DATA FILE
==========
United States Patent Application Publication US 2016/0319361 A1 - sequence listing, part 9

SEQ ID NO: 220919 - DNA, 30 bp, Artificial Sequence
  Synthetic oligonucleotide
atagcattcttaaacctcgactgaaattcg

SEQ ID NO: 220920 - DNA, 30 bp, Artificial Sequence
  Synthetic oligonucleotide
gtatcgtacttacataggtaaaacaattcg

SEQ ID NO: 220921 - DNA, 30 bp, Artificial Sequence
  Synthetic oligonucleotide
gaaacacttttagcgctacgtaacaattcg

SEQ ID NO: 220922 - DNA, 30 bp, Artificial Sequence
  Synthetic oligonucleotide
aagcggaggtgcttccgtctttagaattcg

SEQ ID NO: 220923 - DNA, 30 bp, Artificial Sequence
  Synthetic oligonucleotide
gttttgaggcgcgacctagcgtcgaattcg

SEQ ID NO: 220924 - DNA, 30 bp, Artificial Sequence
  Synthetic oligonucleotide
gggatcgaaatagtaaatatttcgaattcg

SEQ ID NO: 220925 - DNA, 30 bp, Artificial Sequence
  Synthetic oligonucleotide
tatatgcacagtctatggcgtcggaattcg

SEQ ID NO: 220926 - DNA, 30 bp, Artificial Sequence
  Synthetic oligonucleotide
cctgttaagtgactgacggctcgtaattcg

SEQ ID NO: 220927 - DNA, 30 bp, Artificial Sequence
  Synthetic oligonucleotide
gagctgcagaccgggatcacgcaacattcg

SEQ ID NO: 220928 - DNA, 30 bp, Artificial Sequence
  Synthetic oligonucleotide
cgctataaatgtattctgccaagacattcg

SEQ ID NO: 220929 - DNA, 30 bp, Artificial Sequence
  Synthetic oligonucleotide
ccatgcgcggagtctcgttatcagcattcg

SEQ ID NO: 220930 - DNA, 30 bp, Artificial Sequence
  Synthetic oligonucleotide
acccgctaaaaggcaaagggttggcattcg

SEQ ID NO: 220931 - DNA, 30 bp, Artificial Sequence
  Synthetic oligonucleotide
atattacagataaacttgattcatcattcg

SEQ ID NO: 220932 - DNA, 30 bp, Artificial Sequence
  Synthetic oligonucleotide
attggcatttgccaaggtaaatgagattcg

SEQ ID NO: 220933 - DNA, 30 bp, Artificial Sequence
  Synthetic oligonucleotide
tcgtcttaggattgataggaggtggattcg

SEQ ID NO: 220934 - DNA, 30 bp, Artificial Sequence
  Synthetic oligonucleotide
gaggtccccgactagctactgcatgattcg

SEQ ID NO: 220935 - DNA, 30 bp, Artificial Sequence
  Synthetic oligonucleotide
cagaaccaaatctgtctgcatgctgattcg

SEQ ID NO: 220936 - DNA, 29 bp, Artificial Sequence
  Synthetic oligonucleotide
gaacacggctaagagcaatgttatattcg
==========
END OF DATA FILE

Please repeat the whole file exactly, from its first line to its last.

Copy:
United States Patent Application Publication US 2016/0319361 A1 - sequence listing, part 9

SEQ ID NO: 220919 - DNA, 30 bp, Artificial Sequence
  Synthetic oligonucleotide
atagcattcttaaacctcgactgaaattcg

SEQ ID NO: 220920 - DNA, 30 bp, Artificial Sequence
  Synthetic oligonucleotide
gtatcgtacttacataggtaaaacaattcg

SEQ ID NO: 220921 - DNA, 30 bp, Artificial Sequence
  Synthetic oligonucleotide
gaaacacttttagcgctacgtaacaattcg

SEQ ID NO: 220922 - DNA, 30 bp, Artificial Sequence
  Synthetic oligonucleotide
aagcggaggtgcttccgtctttagaattcg

SEQ ID NO: 220923 - DNA, 30 bp, Artificial Sequence
  Synthetic oligonucleotide
gttttgaggcgcgacctagcgtcgaattcg

SEQ ID NO: 220924 - DNA, 30 bp, Artificial Sequence
  Synthetic oligonucleotide
gggatcgaaatagtaaatatttcgaattcg

SEQ ID NO: 220925 - DNA, 30 bp, Artificial Sequence
  Synthetic oligonucleotide
tatatgcacagtctatggcgtcggaattcg

SEQ ID NO: 220926 - DNA, 30 bp, Artificial Sequence
  Synthetic oligonucleotide
cctgttaagtgactgacggctcgtaattcg

SEQ ID NO: 220927 - DNA, 30 bp, Artificial Sequence
  Synthetic oligonucleotide
gagctgcagaccgggatcacgcaacattcg

SEQ ID NO: 220928 - DNA, 30 bp, Artificial Sequence
  Synthetic oligonucleotide
cgctataaatgtattctgccaagacattcg

SEQ ID NO: 220929 - DNA, 30 bp, Artificial Sequence
  Synthetic oligonucleotide
ccatgcgcggagtctcgttatcagcattcg

SEQ ID NO: 220930 - DNA, 30 bp, Artificial Sequence
  Synthetic oligonucleotide
acccgctaaaaggcaaagggttggcattcg

SEQ ID NO: 220931 - DNA, 30 bp, Artificial Sequence
  Synthetic oligonucleotide
atattacagataaacttgattcatcattcg

SEQ ID NO: 220932 - DNA, 30 bp, Artificial Sequence
  Synthetic oligonucleotide
attggcatttgccaaggtaaatgagattcg

SEQ ID NO: 220933 - DNA, 30 bp, Artificial Sequence
  Synthetic oligonucleotide
tcgtcttaggattgataggaggtggattcg

SEQ ID NO: 220934 - DNA, 30 bp, Artificial Sequence
  Synthetic oligonucleotide
gaggtccccgactagctactgcatgattcg

SEQ ID NO: 220935 - DNA, 30 bp, Artificial Sequence
  Synthetic oligonucleotide
cagaaccaaatctgtctgcatgctgattcg

SEQ ID NO: 220936 - DNA, 29 bp, Artificial Sequence
  Synthetic oligonucleotide
gaacacggctaagagcaatgttatattcg